The coverage of our elections, too, is no help. It has a fairy tale feel to it. Our national press pretends that they are dealing with men and women of principle, offering carefully thought-out solutions to our nation’s problems, rather than groveling servants of billionaires who finance their campaigns; and that the voters these candidates try to persuade in the primaries are well-informed and well-meaning Americans and not people who by and large get their information from Fox TV and hate radio. “Lobotomized by Rush Limbaugh, Glenn Beck, Sean Hannity, and Michael Savage” is how a friend describes a neighbor of his. In other words, someone unreachable by anyone who doesn’t believe that Obama is a Muslim or a Communist, that Planned Parenthood dismembers living children and sells their body parts for cash, and that Adam and Eve in the Garden of Eden had a pet dinosaur.

Every country in the world has dimwits and crooks in politics, but no country treats them with greater respect than we do—or with such gutlessness. Some con man who claims on a Sunday morning talk show that global warming is a hoax and every scientist who claims otherwise is faking it, or argues that if the rich in this country paid no taxes, their wealth would trickle down to the rest of us, is treated with respect and mildly queried, without being reminded that what he is proposing has not only been discredited repeatedly, but known back in the old days as the horse-and-sparrow theory of economics: If you feed the horse enough oats, some of them will pass through for the sparrows.


Screw the consequences, is what they are all saying. Neither our past nor our future interests them. Some foreigner unfamiliar with our ways may wonder why these people running for president are not pressed to answer how, with the many wars we have already fought and the many wars they recommend fighting in the future, we will avoid the fate of every other empire and nation in history that set out to fight the entire world. But we know that they are not likely to be asked about that. Nor will they be queried about war profiteering, the disappearance of billions of tax payer dollars in Iraq and Afghanistan; nor about Saudi Arabia, Turkey, and some of our other so-called allies in the Middle East who we’ve been selling tens of billions of dollars of weapons to, and who are themselves supporting the jihadists in Syria; nor about the US firearms industry and its huge and growing profits; nor about the incitements to violence against illegal immigrants and Muslims by some of their fellow candidates. It’s the total lack of accountability in our political system, where incompetents, crooks, and war criminals not only get rich but continue to have their advice sought everywhere, that makes one lose any hope that any of these disastrous and suicidal policies can be reversed.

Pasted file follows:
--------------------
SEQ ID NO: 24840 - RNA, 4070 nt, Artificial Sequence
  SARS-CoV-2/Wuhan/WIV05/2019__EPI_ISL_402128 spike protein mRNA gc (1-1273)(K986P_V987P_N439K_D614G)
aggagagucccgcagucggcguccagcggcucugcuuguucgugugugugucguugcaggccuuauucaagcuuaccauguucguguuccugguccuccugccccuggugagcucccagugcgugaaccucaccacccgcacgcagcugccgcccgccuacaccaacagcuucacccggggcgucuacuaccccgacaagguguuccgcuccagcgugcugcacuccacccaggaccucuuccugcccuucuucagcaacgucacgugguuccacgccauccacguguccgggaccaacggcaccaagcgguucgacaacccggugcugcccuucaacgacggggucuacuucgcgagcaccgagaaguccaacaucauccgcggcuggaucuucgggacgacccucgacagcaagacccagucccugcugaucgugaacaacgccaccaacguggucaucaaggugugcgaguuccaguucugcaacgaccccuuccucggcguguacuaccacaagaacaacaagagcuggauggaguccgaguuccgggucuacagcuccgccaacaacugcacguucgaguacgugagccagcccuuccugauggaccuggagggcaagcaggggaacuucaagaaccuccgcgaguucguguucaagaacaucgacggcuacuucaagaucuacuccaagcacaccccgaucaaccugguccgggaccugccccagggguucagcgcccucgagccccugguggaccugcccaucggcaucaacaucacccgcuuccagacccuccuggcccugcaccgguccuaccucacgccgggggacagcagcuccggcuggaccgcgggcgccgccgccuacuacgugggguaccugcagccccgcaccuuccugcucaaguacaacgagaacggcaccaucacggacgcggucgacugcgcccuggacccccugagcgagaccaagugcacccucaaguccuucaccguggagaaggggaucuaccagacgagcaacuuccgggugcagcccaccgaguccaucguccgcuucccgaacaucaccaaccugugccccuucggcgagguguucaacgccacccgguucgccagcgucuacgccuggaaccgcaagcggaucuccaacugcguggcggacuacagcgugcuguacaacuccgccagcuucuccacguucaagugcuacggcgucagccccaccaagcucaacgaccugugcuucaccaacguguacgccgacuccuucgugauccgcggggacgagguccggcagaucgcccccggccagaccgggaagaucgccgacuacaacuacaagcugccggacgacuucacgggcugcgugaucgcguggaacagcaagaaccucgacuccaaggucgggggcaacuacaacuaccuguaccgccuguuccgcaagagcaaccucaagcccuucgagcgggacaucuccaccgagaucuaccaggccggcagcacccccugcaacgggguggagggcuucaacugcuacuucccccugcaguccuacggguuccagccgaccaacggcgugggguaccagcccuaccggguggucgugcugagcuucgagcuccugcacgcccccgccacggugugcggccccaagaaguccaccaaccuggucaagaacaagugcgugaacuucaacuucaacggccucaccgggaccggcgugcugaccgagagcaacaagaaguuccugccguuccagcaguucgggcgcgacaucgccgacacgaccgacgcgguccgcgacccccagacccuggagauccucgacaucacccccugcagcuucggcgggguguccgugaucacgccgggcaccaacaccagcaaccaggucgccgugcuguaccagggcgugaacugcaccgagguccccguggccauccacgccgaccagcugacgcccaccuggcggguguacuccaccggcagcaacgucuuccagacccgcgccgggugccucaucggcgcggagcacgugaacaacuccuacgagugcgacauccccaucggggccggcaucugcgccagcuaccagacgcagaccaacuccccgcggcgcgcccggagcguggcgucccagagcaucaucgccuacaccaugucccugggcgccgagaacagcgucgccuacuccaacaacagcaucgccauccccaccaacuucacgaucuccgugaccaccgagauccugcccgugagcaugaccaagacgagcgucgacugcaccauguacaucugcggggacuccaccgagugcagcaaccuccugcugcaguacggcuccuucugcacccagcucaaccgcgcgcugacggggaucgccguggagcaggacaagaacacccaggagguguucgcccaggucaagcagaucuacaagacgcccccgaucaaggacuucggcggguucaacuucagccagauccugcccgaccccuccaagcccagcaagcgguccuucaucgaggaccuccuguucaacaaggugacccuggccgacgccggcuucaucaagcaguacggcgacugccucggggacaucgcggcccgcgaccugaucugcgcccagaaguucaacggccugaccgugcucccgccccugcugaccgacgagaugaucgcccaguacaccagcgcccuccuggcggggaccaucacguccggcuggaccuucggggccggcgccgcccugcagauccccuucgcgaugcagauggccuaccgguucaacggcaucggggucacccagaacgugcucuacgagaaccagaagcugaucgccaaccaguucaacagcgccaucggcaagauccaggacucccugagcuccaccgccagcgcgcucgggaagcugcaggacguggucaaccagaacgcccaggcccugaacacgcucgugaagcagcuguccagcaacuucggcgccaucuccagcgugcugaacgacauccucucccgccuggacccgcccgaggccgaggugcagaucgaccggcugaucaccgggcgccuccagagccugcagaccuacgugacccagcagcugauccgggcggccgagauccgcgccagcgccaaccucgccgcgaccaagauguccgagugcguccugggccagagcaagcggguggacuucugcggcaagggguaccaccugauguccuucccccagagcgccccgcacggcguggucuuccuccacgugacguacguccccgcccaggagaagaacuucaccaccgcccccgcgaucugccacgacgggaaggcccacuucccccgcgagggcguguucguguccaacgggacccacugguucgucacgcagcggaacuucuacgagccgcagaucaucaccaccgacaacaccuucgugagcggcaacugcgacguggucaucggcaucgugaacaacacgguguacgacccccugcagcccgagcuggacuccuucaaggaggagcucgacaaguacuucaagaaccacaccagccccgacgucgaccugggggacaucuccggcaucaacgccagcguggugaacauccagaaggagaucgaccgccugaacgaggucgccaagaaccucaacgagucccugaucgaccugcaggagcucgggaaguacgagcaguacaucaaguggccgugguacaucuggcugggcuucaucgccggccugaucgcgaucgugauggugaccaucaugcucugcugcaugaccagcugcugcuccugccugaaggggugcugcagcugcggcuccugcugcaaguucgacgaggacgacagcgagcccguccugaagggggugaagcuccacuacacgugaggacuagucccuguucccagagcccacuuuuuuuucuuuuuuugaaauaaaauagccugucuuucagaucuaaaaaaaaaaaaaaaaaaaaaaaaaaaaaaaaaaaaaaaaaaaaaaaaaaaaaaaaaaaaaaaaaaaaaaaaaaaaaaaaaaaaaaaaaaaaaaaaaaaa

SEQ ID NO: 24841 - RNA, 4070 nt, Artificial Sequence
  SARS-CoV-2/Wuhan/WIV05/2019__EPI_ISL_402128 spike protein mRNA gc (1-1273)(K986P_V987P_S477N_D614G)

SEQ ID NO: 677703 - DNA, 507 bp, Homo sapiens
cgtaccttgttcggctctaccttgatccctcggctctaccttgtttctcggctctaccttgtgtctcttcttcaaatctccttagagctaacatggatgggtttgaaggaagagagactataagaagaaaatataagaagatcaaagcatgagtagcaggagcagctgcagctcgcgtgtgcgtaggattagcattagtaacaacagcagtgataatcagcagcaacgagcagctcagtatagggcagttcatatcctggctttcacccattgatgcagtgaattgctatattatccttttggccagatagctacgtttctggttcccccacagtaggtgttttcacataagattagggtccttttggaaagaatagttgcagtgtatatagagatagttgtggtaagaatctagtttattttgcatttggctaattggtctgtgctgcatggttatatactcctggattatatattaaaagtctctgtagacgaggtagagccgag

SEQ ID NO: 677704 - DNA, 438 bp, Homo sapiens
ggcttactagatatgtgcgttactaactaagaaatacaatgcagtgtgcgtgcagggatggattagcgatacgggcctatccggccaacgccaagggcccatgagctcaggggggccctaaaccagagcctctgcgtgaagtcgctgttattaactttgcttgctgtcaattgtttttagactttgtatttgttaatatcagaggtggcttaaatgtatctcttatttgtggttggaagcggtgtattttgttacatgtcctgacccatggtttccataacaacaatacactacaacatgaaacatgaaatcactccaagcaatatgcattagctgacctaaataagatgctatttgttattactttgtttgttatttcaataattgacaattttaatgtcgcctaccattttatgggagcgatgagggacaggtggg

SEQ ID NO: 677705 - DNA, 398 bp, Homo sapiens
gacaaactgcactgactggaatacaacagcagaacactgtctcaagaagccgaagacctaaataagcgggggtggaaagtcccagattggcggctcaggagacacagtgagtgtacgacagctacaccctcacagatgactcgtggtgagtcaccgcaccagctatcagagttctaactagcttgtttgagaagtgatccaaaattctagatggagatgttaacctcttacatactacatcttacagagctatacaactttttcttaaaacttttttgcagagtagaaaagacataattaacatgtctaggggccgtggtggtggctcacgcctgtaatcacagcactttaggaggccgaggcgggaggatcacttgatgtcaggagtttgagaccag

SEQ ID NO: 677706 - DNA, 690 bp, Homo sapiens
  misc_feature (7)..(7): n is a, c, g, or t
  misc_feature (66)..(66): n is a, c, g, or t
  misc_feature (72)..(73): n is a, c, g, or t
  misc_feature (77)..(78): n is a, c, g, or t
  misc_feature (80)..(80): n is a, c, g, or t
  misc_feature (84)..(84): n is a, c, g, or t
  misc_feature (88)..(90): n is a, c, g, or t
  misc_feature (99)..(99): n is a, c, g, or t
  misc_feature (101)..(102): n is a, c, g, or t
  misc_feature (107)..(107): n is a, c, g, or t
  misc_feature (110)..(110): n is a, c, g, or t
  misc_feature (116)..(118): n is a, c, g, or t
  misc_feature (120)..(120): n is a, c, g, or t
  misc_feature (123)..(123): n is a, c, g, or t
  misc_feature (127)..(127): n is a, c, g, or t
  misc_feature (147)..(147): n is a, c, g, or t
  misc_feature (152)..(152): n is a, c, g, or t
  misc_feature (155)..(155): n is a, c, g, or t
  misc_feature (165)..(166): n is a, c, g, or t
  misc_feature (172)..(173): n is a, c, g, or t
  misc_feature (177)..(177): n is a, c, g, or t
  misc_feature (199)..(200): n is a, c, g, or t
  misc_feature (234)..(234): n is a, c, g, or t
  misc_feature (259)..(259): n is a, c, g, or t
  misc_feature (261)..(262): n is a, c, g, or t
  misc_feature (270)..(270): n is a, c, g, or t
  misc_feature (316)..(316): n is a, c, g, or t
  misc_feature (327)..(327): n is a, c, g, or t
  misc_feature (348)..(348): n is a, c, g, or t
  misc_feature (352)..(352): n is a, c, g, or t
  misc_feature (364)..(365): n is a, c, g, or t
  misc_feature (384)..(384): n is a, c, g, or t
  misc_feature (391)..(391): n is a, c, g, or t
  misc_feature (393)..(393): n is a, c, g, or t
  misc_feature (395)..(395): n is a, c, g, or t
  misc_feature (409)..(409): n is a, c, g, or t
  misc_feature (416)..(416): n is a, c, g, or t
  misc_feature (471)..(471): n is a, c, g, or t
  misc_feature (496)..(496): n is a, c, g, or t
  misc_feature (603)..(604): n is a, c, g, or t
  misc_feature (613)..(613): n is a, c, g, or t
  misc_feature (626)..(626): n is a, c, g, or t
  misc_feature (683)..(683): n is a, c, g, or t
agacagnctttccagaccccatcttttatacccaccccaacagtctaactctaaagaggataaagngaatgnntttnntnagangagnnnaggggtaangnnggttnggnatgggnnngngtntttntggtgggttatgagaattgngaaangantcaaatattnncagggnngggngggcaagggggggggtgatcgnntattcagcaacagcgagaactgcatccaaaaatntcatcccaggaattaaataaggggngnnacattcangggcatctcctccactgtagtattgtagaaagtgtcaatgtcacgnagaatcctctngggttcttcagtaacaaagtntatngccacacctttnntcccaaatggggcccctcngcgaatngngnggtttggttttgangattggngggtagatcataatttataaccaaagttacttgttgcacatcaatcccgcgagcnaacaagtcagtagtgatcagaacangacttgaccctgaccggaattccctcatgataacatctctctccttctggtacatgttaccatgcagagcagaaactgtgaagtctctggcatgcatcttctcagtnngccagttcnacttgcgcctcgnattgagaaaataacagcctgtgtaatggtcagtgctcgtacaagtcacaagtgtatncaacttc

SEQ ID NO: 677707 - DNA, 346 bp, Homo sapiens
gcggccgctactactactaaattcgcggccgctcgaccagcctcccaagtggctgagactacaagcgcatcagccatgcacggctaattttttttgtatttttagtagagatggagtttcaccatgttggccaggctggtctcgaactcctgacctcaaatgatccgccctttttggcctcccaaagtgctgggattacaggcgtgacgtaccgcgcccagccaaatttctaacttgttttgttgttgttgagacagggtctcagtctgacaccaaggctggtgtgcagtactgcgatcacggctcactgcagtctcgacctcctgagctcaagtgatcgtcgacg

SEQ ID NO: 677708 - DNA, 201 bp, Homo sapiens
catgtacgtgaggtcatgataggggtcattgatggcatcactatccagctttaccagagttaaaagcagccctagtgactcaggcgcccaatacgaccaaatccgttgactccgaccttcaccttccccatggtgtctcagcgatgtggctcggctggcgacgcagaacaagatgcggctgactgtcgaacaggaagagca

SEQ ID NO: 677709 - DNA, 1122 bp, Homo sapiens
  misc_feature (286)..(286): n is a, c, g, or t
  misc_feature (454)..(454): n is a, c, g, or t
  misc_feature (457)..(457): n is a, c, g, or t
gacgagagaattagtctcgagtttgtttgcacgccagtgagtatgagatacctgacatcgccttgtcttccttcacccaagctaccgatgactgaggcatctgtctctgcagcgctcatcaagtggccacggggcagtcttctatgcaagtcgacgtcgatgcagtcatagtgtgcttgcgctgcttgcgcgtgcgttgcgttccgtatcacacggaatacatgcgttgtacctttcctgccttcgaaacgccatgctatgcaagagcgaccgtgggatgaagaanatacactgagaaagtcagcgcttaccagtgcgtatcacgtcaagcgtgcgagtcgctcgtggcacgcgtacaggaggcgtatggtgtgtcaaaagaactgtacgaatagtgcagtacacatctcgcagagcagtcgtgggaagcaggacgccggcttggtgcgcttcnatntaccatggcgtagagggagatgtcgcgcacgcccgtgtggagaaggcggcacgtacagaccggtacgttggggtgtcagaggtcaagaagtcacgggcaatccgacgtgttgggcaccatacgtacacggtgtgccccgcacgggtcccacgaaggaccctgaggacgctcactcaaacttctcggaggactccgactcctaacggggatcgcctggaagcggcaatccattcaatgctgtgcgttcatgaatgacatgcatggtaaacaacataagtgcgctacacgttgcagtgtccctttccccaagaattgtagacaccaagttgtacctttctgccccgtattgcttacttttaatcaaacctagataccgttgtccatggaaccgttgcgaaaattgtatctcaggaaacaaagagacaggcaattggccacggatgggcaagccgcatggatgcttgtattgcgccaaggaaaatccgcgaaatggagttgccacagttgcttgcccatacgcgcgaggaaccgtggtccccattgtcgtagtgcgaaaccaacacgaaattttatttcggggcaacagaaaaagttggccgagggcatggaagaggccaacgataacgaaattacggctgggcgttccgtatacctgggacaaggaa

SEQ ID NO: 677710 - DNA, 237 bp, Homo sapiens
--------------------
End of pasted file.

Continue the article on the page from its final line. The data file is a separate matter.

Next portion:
“Daddy knows best” is what autocrats everywhere say to their followers, whom they intend to keep in a state of childlike helplessness and ignorance. Thus Donald Trump—whose fans swoon hearing him say something like that and grew positively ecstatic recently when a Black Lives Matter protester who objected was kicked, punched, and choked at one of his rallies—was able to say afterwards that he was sorry that the protester wasn’t roughed up some more. And he is not the only one. There’s Cruz, too. Their rants remind me of the nationalists in Yugoslavia in the 1990s, for the very simple reason that the repertoire and the vocabulary of nativist bullies is limited. Wherever they come from, they not only all sound alike, they often look alike.

My friends assure me that neither Trump nor Cruz have a chance of becoming president and I tend to agree, though, thinking back to Yugoslavia, I recall how many intelligent and otherwise kind people fell for some vile nationalist and tried to convince me that we needed a tough man for tough times, and how this fellow may be a little rough at the edges, but he is honest and in this historical moment we all have to get behind him. One beloved aunt of mine even tried to convince me that Milošević was good-looking. I was speechless. I thought for a moment I hadn’t heard right, and asked her to repeat what she said. It was like hearing your mother or your sister say to you that she thinks Donald Trump is cute.